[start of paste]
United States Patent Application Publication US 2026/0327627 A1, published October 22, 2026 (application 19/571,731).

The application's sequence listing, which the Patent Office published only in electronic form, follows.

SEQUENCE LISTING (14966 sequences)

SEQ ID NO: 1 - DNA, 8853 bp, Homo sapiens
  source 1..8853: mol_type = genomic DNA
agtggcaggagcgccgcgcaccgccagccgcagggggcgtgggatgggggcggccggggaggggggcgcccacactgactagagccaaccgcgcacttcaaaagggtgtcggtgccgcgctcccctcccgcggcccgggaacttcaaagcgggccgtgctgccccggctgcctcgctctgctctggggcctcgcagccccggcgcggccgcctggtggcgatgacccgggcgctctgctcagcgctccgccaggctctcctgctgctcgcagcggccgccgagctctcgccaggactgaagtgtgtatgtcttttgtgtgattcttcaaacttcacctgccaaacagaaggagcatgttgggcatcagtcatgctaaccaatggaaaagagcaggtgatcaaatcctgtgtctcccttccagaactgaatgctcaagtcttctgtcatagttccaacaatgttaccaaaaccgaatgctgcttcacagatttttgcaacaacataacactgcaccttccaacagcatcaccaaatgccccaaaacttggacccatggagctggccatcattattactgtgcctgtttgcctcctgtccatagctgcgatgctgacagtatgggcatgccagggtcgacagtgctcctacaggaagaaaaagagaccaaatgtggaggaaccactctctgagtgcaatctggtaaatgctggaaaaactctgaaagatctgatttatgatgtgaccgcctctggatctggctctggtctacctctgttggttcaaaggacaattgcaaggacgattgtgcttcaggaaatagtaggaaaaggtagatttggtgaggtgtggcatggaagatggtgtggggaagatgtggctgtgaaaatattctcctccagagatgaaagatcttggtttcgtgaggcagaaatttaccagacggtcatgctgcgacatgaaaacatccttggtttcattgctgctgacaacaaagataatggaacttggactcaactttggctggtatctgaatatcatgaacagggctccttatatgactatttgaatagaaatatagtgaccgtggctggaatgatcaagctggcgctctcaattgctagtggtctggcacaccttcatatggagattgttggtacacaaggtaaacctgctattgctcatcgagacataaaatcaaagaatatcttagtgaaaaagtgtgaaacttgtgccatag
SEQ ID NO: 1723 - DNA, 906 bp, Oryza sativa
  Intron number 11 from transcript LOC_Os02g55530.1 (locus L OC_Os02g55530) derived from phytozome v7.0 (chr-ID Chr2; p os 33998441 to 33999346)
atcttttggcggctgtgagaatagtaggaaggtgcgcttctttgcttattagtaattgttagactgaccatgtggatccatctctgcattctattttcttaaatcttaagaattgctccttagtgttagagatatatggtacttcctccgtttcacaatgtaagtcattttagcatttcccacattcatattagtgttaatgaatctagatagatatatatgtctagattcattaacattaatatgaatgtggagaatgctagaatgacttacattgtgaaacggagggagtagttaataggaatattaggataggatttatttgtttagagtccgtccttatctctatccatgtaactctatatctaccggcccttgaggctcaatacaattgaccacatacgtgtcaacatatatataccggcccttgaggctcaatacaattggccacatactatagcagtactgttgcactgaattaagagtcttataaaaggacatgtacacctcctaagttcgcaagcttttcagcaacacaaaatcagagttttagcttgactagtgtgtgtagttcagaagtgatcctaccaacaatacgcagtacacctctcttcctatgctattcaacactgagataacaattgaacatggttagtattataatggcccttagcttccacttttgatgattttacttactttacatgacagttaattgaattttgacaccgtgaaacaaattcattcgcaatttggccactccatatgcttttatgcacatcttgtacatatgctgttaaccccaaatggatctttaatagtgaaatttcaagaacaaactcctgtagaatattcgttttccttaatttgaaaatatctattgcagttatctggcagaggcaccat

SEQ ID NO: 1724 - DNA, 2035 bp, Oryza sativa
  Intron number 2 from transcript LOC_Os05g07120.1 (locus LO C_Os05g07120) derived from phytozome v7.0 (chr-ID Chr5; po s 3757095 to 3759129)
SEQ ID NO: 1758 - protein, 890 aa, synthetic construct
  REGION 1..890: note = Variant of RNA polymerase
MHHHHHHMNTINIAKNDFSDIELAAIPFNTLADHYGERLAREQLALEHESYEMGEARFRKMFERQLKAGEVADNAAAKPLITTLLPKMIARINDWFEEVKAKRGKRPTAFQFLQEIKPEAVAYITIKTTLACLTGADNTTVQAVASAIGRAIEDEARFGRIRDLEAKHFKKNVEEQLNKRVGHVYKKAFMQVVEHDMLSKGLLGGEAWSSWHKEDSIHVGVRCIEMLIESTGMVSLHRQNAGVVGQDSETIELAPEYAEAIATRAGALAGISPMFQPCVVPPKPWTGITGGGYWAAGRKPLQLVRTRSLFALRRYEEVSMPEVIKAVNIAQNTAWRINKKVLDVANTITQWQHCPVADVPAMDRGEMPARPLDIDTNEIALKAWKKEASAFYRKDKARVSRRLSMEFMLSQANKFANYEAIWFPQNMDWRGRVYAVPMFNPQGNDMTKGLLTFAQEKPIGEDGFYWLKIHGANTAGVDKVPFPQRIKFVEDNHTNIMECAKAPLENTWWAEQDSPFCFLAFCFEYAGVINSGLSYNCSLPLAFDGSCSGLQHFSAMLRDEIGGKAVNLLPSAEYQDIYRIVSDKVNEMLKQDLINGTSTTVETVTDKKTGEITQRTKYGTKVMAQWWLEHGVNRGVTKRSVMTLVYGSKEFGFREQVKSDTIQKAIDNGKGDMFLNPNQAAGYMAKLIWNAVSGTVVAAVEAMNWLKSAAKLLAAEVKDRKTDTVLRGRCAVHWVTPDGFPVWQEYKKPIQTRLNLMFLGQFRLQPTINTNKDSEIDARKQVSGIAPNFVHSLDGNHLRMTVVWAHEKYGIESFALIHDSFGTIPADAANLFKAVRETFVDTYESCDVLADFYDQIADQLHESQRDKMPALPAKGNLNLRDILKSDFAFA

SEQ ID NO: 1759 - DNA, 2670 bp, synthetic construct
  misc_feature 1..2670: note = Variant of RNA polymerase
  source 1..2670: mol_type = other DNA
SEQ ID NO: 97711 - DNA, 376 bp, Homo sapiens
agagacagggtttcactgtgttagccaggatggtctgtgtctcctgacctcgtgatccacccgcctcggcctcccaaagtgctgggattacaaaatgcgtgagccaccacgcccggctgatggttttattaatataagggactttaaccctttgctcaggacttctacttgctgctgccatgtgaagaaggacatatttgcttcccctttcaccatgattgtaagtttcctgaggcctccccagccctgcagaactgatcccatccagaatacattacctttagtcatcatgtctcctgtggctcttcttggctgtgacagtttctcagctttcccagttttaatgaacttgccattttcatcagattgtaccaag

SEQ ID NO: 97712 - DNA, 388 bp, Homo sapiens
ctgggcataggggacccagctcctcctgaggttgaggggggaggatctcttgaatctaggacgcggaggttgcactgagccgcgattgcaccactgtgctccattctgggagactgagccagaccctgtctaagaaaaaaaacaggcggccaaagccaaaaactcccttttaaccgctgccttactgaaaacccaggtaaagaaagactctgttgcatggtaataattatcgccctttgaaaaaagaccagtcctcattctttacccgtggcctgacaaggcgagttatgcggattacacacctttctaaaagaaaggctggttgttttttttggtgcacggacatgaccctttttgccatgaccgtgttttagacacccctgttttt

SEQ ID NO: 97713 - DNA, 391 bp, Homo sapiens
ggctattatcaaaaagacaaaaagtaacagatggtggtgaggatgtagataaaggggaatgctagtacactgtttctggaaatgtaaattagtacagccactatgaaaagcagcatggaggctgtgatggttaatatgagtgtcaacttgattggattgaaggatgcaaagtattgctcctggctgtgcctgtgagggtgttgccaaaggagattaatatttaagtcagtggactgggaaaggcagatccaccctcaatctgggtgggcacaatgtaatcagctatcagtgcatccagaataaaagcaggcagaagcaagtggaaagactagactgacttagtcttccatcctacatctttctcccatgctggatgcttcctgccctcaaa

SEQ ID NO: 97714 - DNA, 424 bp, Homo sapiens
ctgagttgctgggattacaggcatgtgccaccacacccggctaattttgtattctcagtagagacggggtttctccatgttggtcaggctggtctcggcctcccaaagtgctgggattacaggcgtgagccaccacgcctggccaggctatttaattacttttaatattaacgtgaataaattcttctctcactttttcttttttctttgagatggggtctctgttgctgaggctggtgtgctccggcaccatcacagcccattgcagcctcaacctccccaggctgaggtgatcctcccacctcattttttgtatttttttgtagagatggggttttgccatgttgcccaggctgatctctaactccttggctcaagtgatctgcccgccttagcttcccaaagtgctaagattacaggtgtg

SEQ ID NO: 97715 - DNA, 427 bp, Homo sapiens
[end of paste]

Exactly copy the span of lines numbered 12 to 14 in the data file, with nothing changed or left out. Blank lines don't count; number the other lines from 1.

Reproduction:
SEQ ID NO: 1758 - protein, 890 aa, synthetic construct
  REGION 1..890: note = Variant of RNA polymerase
MHHHHHHMNTINIAKNDFSDIELAAIPFNTLADHYGERLAREQLALEHESYEMGEARFRKMFERQLKAGEVADNAAAKPLITTLLPKMIARINDWFEEVKAKRGKRPTAFQFLQEIKPEAVAYITIKTTLACLTGADNTTVQAVASAIGRAIEDEARFGRIRDLEAKHFKKNVEEQLNKRVGHVYKKAFMQVVEHDMLSKGLLGGEAWSSWHKEDSIHVGVRCIEMLIESTGMVSLHRQNAGVVGQDSETIELAPEYAEAIATRAGALAGISPMFQPCVVPPKPWTGITGGGYWAAGRKPLQLVRTRSLFALRRYEEVSMPEVIKAVNIAQNTAWRINKKVLDVANTITQWQHCPVADVPAMDRGEMPARPLDIDTNEIALKAWKKEASAFYRKDKARVSRRLSMEFMLSQANKFANYEAIWFPQNMDWRGRVYAVPMFNPQGNDMTKGLLTFAQEKPIGEDGFYWLKIHGANTAGVDKVPFPQRIKFVEDNHTNIMECAKAPLENTWWAEQDSPFCFLAFCFEYAGVINSGLSYNCSLPLAFDGSCSGLQHFSAMLRDEIGGKAVNLLPSAEYQDIYRIVSDKVNEMLKQDLINGTSTTVETVTDKKTGEITQRTKYGTKVMAQWWLEHGVNRGVTKRSVMTLVYGSKEFGFREQVKSDTIQKAIDNGKGDMFLNPNQAAGYMAKLIWNAVSGTVVAAVEAMNWLKSAAKLLAAEVKDRKTDTVLRGRCAVHWVTPDGFPVWQEYKKPIQTRLNLMFLGQFRLQPTINTNKDSEIDARKQVSGIAPNFVHSLDGNHLRMTVVWAHEKYGIESFALIHDSFGTIPADAANLFKAVRETFVDTYESCDVLADFYDQIADQLHESQRDKMPALPAKGNLNLRDILKSDFAFA